In the military operations at Detroit and in the battle of the Thames, 5 October, 1813, he took an important part, both with his fleet and as commander of the naval battalion on the land, and on his return to the east he was honored by public demonstrations in many towns and cities. Congress voted him thanks, a medal, and the rank of captain. The city of Boston presented him with a set of silver, and other cities voted him thanks. He assisted in the defence of Baltimore, and in the squadron that was sent to the Mediterranean in 1815 he commanded the frigate "Java." In June, 1819, while in command of the "John Adams" and other United States vessels in the West Indies, he was attacked by the yellow fever in the Orinoco, and died after a brief illness. His remains, removed by act of congress in a ship-of-war, were buried in Newport, 4 December, 1826. In addition to the granite obelisk erected by the state of Rhode Island and a marble statue by Walcutt, which was dedicated in Cleveland, Ohio, in September, 1860, a bronze statue of Perry by William G. Turner was unveiled on 10 September, 1885. It stands opposite his old home, and was erected by citizens of Newport. The state of Ohio has also placed in the capitol at Washington a picture of the battle of Lake Erie and of Perry leaving the "Lawrence " for the " Niagara."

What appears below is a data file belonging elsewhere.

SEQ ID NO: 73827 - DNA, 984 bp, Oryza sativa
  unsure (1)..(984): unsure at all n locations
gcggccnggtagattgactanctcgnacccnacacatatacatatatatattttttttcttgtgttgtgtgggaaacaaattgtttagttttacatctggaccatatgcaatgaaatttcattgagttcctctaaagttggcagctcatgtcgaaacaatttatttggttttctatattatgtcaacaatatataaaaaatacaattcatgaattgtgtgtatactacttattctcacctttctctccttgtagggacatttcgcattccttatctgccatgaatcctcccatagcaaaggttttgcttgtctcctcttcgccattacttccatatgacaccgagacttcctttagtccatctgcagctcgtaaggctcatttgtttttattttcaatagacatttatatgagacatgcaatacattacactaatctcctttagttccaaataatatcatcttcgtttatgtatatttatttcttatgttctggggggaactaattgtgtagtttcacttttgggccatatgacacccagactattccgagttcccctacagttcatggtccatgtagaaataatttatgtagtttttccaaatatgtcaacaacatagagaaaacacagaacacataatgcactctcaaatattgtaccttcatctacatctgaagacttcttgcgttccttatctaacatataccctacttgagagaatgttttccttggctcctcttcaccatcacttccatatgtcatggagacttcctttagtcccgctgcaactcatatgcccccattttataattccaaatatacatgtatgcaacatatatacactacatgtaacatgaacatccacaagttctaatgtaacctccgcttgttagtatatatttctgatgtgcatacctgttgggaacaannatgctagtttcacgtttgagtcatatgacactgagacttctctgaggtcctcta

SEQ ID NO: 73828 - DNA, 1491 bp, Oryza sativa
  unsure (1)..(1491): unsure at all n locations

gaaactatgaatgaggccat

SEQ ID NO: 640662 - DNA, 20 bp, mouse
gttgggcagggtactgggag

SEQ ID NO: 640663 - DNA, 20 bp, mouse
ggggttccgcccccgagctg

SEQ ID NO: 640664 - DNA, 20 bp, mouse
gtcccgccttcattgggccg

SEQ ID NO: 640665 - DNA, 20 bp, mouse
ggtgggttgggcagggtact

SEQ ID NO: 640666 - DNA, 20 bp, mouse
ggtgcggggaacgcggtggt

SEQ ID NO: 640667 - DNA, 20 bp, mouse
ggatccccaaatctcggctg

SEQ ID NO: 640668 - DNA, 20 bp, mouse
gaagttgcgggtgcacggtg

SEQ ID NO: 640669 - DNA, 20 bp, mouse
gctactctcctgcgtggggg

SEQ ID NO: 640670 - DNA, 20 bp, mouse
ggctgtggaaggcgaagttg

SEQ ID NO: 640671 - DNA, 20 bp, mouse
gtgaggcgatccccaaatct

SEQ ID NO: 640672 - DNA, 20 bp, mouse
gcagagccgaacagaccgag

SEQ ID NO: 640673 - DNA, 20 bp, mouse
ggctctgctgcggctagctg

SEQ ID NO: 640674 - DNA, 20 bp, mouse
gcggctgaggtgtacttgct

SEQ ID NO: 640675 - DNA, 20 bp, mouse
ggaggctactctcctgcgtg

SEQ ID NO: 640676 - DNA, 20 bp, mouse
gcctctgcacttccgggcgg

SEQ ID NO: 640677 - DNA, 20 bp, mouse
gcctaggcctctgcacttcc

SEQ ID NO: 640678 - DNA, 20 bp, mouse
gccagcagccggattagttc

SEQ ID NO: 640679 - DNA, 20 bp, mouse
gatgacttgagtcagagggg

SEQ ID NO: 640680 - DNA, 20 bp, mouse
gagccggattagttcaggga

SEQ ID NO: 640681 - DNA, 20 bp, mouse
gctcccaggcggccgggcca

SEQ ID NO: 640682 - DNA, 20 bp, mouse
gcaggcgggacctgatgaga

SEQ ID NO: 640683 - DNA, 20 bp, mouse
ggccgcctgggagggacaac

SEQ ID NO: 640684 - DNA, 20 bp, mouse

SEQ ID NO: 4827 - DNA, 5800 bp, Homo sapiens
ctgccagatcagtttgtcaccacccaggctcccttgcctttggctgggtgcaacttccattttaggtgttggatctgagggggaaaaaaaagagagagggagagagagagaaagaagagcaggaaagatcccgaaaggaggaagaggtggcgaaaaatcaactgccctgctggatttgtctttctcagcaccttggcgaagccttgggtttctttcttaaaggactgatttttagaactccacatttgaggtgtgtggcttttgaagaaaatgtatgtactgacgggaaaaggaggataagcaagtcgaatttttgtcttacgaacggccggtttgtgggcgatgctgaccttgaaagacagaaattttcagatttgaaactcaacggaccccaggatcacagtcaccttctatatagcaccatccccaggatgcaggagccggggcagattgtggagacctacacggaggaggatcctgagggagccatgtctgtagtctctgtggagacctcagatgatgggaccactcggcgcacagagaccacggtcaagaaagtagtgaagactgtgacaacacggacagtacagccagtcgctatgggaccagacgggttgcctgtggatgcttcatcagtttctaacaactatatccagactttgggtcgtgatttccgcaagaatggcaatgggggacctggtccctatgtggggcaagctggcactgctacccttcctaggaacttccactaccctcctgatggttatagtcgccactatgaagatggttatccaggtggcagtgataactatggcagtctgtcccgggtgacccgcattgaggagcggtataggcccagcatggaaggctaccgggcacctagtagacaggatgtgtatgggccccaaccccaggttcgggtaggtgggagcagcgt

Biographies of Perry have been written by John M. Niles (Hartford, 1820)" Alexander S. Mackenzie (2 vols., New York, 1843)" and James Fenimore Cooper, in his " Lives of Distinguished American Naval Officers" (Philadelphia, 1846).